In general, covenants not to compete involve an employee in the state of Maryland who agrees not to work for competitors of their employer when they leave the company. Such covenants are frequently called "non-compete" clauses". Signing such an agreement may either be a condition for being employed, or the employee may receive additional compensation for doing so.
When are Covenants not to Compete Unenforceable?
Whether a given judge will enforce a non-compete agreement is difficult to know in advance. Although the interests of employers are important, courts in Maryland also give priority to an employee's freedom to choose the type of employment that they desire. As a result, courts usually uphold only those covenants that are consider to be reasonable according to the circumstances. Terms contained in a covenant not to compete will be struck down by a court as unreasonable if they bind the employee for an excessively long period of time or if they cover an unreasonably large geographic area around Thurmont.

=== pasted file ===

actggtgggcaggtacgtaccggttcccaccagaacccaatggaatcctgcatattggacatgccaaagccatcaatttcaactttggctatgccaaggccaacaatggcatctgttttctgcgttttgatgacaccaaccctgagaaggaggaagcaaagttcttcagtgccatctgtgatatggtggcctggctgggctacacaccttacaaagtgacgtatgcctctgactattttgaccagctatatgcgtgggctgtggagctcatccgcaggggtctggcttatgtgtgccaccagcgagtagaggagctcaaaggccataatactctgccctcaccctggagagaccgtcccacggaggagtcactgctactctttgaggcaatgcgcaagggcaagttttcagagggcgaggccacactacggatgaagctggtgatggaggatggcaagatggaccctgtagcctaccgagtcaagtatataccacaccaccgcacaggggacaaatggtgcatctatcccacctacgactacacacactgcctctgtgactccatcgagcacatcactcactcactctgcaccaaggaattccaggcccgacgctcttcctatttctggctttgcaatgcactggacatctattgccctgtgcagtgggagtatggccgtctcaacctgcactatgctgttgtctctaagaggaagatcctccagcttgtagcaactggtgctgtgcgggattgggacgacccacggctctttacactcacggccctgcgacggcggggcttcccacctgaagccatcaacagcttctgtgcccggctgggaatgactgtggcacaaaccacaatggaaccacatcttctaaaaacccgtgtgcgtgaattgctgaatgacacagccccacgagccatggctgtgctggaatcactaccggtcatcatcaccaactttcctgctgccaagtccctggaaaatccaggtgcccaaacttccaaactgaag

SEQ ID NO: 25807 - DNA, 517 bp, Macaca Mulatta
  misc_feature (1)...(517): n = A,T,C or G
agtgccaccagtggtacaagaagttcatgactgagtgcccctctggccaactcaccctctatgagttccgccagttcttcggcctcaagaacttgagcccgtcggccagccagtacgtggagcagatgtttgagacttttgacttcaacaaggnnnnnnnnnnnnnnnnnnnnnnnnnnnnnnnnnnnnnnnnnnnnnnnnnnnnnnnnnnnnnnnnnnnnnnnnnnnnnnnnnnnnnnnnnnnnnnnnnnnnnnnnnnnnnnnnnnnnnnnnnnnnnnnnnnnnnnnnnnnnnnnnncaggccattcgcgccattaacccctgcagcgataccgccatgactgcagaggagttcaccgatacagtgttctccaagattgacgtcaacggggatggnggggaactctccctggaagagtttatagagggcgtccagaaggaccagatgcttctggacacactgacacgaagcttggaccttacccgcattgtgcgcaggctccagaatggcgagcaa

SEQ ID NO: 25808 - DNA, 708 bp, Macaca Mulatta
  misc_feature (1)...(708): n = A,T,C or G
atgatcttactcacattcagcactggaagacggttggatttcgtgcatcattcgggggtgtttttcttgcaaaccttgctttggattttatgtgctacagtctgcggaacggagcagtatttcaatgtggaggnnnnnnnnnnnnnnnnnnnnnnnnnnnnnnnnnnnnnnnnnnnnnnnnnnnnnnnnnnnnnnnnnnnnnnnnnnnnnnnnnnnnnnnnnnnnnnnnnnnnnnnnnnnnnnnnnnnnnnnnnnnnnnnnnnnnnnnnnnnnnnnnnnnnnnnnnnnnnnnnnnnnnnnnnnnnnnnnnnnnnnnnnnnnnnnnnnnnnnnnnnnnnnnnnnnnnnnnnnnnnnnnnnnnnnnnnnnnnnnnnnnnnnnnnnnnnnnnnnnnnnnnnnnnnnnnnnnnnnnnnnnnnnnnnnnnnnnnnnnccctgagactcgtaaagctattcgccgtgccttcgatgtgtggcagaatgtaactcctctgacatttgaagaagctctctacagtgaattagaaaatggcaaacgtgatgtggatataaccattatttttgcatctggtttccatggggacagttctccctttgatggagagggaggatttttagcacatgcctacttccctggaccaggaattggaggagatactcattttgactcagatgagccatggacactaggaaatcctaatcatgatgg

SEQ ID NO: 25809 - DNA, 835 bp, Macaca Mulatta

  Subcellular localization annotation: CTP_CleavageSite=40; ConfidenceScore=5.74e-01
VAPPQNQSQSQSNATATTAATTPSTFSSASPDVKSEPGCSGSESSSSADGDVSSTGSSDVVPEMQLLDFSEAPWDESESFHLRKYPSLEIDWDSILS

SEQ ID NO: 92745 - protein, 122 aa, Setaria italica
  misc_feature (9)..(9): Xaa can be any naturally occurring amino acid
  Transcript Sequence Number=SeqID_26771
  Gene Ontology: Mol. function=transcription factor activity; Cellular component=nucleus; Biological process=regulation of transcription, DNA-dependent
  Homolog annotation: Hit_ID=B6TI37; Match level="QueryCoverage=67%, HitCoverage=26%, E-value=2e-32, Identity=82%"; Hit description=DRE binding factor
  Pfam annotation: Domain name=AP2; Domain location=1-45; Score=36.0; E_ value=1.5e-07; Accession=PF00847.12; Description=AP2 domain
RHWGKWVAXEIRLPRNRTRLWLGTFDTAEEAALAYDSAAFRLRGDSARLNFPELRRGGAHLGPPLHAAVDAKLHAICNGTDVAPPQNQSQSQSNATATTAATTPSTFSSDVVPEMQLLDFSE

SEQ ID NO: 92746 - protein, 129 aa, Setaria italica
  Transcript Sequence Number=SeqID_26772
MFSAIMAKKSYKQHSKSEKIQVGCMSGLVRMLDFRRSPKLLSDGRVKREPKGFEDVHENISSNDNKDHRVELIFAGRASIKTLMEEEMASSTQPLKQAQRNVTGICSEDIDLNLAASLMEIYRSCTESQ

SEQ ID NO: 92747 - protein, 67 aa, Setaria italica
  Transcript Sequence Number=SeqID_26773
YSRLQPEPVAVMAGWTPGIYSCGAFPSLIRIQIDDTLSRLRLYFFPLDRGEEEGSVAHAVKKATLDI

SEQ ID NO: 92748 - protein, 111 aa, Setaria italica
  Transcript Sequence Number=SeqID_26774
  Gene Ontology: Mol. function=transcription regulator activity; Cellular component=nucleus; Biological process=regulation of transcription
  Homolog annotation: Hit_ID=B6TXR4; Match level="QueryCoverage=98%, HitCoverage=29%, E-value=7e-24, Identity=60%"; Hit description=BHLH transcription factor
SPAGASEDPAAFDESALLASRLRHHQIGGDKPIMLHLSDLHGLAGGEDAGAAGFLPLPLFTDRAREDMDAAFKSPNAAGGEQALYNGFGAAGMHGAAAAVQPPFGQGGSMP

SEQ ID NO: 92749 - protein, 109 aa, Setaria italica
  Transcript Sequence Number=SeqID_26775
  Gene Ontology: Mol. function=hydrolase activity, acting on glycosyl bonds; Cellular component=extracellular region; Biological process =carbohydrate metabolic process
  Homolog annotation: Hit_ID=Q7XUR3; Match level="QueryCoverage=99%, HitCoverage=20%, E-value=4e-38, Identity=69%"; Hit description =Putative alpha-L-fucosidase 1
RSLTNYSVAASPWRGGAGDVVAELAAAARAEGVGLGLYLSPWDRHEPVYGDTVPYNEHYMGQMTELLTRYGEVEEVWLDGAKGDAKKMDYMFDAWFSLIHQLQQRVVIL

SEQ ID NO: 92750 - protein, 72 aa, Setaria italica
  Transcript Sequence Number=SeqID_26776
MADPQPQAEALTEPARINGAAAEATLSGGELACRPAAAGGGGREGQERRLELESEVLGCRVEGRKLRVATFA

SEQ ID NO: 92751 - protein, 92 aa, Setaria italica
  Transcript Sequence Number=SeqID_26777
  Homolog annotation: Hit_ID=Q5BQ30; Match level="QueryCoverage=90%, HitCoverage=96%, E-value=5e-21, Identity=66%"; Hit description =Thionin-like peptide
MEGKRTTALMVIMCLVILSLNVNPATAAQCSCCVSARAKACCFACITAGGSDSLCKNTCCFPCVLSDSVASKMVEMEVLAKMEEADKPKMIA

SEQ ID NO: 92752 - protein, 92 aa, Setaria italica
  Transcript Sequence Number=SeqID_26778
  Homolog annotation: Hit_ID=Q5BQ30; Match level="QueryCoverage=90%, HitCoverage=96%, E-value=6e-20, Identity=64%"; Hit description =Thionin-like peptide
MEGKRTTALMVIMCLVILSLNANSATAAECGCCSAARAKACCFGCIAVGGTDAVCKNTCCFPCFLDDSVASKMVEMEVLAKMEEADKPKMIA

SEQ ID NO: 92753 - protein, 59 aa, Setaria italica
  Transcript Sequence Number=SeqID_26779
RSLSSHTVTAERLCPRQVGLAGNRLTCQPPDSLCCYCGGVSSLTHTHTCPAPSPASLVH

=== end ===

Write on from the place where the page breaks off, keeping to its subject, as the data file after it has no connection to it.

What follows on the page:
Covenants must also be limited to restricting dealings with those competitors that are rationally related to the employer's industry. Lastly, there must be a legitimate business interest which motivates the employer's mandating a covenant not to compete.
Do I Need an Attorney when Dealing with a Covenant not to Compete?
Since covenants could restrict your rights, you may wish to hire a Thurmont, Maryland lawyer to review any documents. They will be able to negotiate further changes to the covenant, and can draft an entirely new one that is acceptable to all parties if needed. Attorneys can provide valuable counseling to employers who are considering suing an employer who breached a covenant not to compete. They can also assist employees who have signed an agreement limiting their employment options.